Intention: Validate you understand their objective as their might be a different way to achieve that.

 

 

 

Why Agile Coaches Need to Know Both Scrum and Kanban



Scrum and Kanban are the two most popular Agile team-level methods available. While the difference between them is mostly thought to be sprint-based or flow-based, that is just one way in which they differ. Other significant differences include how to start, how to improve, and how people should be organized. They are based on different theories of how to manage software development work and whether you need to change your roles. And this creates other differences such include the amount of discipline to use them and the cultures in which they fit. Continue reading “Why Agile Coaches Need to Know Both Scrum and Kanban”

The Dark Cycle of Scrum and How To Avoid It

1) management tells teams to do Scrum

2) they try but can’t. A common challenge is they don’t know how to break down big epics into small stories (which is often not taught in initial scrum training)

3) at some point they give up and do ScrumBut by not following sprints. They justify not doing Scrum by claiming that they are now doing Kanban (because they don’t have sprints). But they don’t do any of the things Kanban says to do. This is like saying “we do Agile because we don’t do documentation.”

4) their performance goes down

5) Scrum consultants are brought in and management is told the problem is “well, they’re not doing Scrum, can’t blame Scrum”

6) management tells the teams to do Scrum, because Kanban doesn’t work.

The solution is to teach Scrum, when it’s used for software development, with what is necessary to do software development.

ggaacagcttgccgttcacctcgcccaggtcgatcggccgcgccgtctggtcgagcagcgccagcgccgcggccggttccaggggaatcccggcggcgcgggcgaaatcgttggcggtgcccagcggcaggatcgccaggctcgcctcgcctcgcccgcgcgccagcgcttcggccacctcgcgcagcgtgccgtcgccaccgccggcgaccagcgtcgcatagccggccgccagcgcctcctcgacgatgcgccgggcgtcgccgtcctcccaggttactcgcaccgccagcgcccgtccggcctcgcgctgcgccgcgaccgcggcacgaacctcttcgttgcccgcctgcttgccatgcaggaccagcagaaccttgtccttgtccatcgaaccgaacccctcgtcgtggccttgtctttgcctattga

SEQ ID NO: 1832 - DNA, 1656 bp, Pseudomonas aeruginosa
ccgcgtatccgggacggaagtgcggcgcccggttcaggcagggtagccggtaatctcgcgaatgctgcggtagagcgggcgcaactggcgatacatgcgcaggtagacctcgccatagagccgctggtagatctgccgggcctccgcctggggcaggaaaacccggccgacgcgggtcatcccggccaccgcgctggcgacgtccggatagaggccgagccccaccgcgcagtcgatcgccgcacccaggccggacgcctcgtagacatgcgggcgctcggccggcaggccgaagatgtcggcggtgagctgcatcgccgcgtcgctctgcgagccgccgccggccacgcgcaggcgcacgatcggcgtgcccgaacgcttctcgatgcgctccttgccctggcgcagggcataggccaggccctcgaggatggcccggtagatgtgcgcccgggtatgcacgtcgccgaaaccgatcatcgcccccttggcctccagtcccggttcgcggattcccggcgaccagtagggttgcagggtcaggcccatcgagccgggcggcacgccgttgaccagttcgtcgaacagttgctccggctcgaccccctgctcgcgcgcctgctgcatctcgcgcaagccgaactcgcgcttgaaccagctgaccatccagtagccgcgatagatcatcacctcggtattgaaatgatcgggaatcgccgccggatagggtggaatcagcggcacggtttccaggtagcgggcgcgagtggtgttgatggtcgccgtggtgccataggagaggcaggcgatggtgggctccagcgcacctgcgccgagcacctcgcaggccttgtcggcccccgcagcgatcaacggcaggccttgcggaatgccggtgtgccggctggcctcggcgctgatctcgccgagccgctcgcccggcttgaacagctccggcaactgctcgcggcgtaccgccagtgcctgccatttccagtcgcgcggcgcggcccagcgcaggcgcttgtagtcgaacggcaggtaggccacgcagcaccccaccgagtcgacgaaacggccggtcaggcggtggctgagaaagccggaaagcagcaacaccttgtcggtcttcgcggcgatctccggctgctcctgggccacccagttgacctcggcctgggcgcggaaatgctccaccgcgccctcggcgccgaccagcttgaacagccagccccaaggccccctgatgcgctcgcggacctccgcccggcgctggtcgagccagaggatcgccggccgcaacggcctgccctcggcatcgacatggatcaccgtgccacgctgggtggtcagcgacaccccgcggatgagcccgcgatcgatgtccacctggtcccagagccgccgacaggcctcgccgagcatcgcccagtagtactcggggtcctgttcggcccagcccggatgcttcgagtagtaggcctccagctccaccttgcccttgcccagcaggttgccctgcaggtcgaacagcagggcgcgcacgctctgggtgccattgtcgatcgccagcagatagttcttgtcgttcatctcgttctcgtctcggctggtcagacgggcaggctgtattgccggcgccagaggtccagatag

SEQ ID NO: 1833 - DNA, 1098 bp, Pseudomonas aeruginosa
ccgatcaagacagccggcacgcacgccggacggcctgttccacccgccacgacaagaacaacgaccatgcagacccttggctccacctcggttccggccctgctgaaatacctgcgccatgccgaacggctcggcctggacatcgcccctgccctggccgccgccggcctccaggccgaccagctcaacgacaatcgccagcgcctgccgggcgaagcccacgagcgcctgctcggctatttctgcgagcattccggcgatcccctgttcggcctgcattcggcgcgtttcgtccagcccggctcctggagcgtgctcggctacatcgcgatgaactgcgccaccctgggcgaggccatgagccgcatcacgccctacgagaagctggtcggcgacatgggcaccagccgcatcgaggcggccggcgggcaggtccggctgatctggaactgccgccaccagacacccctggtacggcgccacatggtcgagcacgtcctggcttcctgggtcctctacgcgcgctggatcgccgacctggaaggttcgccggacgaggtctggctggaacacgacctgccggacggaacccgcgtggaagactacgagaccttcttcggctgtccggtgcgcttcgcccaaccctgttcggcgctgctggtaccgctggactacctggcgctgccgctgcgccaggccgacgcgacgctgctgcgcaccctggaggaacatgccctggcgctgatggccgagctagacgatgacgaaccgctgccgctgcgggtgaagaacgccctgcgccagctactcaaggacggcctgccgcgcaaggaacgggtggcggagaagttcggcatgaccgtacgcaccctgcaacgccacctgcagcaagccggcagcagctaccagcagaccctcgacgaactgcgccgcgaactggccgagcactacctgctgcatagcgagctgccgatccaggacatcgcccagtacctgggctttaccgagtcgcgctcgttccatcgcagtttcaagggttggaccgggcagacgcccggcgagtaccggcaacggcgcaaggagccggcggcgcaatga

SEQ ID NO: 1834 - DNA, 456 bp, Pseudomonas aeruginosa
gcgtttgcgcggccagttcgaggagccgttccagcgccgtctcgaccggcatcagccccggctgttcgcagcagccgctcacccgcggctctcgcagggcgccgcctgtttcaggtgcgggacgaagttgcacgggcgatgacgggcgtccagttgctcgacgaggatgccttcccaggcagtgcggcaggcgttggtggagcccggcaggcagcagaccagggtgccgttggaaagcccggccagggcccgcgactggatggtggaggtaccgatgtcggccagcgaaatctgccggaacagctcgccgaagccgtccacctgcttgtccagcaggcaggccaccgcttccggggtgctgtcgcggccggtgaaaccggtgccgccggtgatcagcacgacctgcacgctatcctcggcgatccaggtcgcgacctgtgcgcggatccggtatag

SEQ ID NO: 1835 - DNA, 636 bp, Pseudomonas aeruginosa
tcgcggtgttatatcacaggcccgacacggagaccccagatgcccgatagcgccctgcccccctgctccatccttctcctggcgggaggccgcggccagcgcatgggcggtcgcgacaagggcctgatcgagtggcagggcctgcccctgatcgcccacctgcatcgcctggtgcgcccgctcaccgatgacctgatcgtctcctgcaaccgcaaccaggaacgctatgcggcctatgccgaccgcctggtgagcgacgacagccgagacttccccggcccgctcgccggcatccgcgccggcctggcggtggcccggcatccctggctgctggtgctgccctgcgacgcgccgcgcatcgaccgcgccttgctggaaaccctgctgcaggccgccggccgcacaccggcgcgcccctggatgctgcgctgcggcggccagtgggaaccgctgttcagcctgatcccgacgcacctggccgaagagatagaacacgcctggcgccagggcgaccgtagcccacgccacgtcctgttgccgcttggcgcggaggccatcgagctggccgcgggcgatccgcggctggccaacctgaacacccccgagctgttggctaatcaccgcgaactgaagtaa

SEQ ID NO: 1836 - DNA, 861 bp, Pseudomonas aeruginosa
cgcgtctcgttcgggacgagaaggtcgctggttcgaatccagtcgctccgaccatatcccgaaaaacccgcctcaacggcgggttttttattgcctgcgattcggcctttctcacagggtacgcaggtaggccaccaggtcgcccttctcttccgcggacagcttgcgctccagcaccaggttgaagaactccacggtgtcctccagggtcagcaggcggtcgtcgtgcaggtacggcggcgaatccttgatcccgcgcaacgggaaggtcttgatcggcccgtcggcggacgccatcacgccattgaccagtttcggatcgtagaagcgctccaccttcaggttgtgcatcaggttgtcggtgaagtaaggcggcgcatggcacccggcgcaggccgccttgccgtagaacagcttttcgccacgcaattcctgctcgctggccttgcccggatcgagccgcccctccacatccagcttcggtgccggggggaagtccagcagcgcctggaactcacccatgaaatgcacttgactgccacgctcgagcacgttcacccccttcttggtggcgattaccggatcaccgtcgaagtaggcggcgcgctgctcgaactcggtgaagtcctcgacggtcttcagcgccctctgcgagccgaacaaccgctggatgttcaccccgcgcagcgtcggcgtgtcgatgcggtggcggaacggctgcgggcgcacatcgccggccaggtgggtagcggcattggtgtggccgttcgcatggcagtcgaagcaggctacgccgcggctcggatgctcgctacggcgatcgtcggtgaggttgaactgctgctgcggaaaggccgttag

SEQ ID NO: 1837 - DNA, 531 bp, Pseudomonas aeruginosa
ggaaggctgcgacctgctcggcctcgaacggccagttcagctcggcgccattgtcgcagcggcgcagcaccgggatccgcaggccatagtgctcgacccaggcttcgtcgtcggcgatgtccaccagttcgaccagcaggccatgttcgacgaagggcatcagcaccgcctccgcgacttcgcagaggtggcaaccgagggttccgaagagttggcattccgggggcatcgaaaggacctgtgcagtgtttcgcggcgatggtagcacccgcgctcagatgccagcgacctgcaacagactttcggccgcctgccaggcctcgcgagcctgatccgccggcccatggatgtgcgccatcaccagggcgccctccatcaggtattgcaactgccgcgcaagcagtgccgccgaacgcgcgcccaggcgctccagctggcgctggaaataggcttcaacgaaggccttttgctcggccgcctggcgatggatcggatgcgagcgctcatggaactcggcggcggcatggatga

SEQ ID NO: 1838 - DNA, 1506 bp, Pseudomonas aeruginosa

The fact that Scrum can work anywhere works against you if you get generic Scrum training instead of Scrum training designed for you.

Attending to What Management Wants in an Agile Adoption

Proponents of Scrum often put the responsibility for failed adoptions of Scrum at the feet of management who don’t want to change. While I believe this is true some of the time, I believe the challenge is that Agile adoptions based on Scrum often don’t attend to management’s needs.

I believe management concerns regarding Agile adoptions are focused on reducing risk, making sure it fits their needs, and to be able to adapt when needed. It’s tempting to say “let’s just adopt Scrum.” But this ignores that we live in a complex world where you reduce uncertainty not by having a preset list of things you must do, but rather by learning to adjust to the situation at hand. These are things beyond our control.

What is in our control is our actions. 15 years ago we didn’t have a solid understanding of the “task work” so to speak of Agile. Why working on small batches were good, why visibility was essential, why managing queues is critical, … Now we do. This enables us to go beyond Scrum effectively.

Adopting Scrum is very often the best place to start. It provides structure & discipline. But get training from someone who knows how to go beyond it when that’s the right thing to do.

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Addressing the issue of how to adjust Scrum while not worrying about if it is still Scrum is based on  20 years experience with Scrum and is described here:  How to improve or change your Scrum practicesThis is part of our larger Scrum Support system.   I believe having a framework where being effective sometimes requires you to go beyond it is insidious. I contend there are place in any tech org of more than 50 people that no one set of practices work, particularly in shared services, DevOps, maintenance. We have put this together because we’re not limited to Scrum.